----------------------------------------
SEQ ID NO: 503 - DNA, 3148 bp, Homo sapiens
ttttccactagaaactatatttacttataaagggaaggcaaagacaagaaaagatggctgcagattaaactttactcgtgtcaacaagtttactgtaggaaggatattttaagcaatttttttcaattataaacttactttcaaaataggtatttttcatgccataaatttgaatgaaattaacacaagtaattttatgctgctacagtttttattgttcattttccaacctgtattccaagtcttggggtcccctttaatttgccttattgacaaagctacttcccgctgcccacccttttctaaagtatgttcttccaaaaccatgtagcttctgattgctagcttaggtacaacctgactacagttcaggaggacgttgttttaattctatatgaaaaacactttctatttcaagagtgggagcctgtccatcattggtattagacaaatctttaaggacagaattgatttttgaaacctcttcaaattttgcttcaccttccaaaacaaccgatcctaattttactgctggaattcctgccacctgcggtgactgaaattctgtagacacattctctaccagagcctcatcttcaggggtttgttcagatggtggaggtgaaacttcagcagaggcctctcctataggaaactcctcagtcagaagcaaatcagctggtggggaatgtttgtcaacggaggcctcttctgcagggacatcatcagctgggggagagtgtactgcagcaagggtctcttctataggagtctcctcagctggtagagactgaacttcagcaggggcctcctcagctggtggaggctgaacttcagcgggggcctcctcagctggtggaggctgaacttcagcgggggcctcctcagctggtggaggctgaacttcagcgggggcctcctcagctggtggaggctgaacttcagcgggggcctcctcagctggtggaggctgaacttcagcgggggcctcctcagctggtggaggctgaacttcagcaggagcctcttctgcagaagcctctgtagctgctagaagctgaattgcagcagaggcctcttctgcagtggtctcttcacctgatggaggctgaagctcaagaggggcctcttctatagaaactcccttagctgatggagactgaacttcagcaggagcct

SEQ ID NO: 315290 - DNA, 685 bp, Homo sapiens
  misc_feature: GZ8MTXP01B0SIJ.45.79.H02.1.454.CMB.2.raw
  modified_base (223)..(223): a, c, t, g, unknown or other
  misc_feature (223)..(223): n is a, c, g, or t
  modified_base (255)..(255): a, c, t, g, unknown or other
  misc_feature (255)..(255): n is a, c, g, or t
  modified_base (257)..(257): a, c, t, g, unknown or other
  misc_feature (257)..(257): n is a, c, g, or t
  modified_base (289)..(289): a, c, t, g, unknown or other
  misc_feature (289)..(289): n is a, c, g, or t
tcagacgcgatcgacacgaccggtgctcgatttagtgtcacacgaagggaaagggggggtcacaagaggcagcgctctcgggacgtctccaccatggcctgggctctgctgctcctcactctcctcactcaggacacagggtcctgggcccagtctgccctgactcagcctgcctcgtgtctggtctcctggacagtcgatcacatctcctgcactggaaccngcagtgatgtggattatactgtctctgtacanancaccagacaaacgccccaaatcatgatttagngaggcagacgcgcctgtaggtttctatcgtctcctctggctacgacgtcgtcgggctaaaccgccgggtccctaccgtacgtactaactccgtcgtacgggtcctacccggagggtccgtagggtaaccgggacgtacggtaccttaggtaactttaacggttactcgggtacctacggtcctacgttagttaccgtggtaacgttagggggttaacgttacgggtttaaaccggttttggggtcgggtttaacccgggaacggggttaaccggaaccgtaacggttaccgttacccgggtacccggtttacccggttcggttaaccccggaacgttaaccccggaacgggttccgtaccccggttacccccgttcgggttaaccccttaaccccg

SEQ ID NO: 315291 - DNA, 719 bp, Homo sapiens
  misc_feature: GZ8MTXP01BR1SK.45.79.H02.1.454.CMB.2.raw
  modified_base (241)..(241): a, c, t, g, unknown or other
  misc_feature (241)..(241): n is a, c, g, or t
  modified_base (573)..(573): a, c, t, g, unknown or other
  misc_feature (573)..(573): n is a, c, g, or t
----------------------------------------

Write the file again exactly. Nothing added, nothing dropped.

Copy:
SEQ ID NO: 503 - DNA, 3148 bp, Homo sapiens
ttttccactagaaactatatttacttataaagggaaggcaaagacaagaaaagatggctgcagattaaactttactcgtgtcaacaagtttactgtaggaaggatattttaagcaatttttttcaattataaacttactttcaaaataggtatttttcatgccataaatttgaatgaaattaacacaagtaattttatgctgctacagtttttattgttcattttccaacctgtattccaagtcttggggtcccctttaatttgccttattgacaaagctacttcccgctgcccacccttttctaaagtatgttcttccaaaaccatgtagcttctgattgctagcttaggtacaacctgactacagttcaggaggacgttgttttaattctatatgaaaaacactttctatttcaagagtgggagcctgtccatcattggtattagacaaatctttaaggacagaattgatttttgaaacctcttcaaattttgcttcaccttccaaaacaaccgatcctaattttactgctggaattcctgccacctgcggtgactgaaattctgtagacacattctctaccagagcctcatcttcaggggtttgttcagatggtggaggtgaaacttcagcagaggcctctcctataggaaactcctcagtcagaagcaaatcagctggtggggaatgtttgtcaacggaggcctcttctgcagggacatcatcagctgggggagagtgtactgcagcaagggtctcttctataggagtctcctcagctggtagagactgaacttcagcaggggcctcctcagctggtggaggctgaacttcagcgggggcctcctcagctggtggaggctgaacttcagcgggggcctcctcagctggtggaggctgaacttcagcgggggcctcctcagctggtggaggctgaacttcagcgggggcctcctcagctggtggaggctgaacttcagcgggggcctcctcagctggtggaggctgaacttcagcaggagcctcttctgcagaagcctctgtagctgctagaagctgaattgcagcagaggcctcttctgcagtggtctcttcacctgatggaggctgaagctcaagaggggcctcttctatagaaactcccttagctgatggagactgaacttcagcaggagcct

SEQ ID NO: 315290 - DNA, 685 bp, Homo sapiens
  misc_feature: GZ8MTXP01B0SIJ.45.79.H02.1.454.CMB.2.raw
  modified_base (223)..(223): a, c, t, g, unknown or other
  misc_feature (223)..(223): n is a, c, g, or t
  modified_base (255)..(255): a, c, t, g, unknown or other
  misc_feature (255)..(255): n is a, c, g, or t
  modified_base (257)..(257): a, c, t, g, unknown or other
  misc_feature (257)..(257): n is a, c, g, or t
  modified_base (289)..(289): a, c, t, g, unknown or other
  misc_feature (289)..(289): n is a, c, g, or t
tcagacgcgatcgacacgaccggtgctcgatttagtgtcacacgaagggaaagggggggtcacaagaggcagcgctctcgggacgtctccaccatggcctgggctctgctgctcctcactctcctcactcaggacacagggtcctgggcccagtctgccctgactcagcctgcctcgtgtctggtctcctggacagtcgatcacatctcctgcactggaaccngcagtgatgtggattatactgtctctgtacanancaccagacaaacgccccaaatcatgatttagngaggcagacgcgcctgtaggtttctatcgtctcctctggctacgacgtcgtcgggctaaaccgccgggtccctaccgtacgtactaactccgtcgtacgggtcctacccggagggtccgtagggtaaccgggacgtacggtaccttaggtaactttaacggttactcgggtacctacggtcctacgttagttaccgtggtaacgttagggggttaacgttacgggtttaaaccggttttggggtcgggtttaacccgggaacggggttaaccggaaccgtaacggttaccgttacccgggtacccggtttacccggttcggttaaccccggaacgttaaccccggaacgggttccgtaccccggttacccccgttcgggttaaccccttaaccccg

SEQ ID NO: 315291 - DNA, 719 bp, Homo sapiens
  misc_feature: GZ8MTXP01BR1SK.45.79.H02.1.454.CMB.2.raw
  modified_base (241)..(241): a, c, t, g, unknown or other
  misc_feature (241)..(241): n is a, c, g, or t
  modified_base (573)..(573): a, c, t, g, unknown or other
  misc_feature (573)..(573): n is a, c, g, or t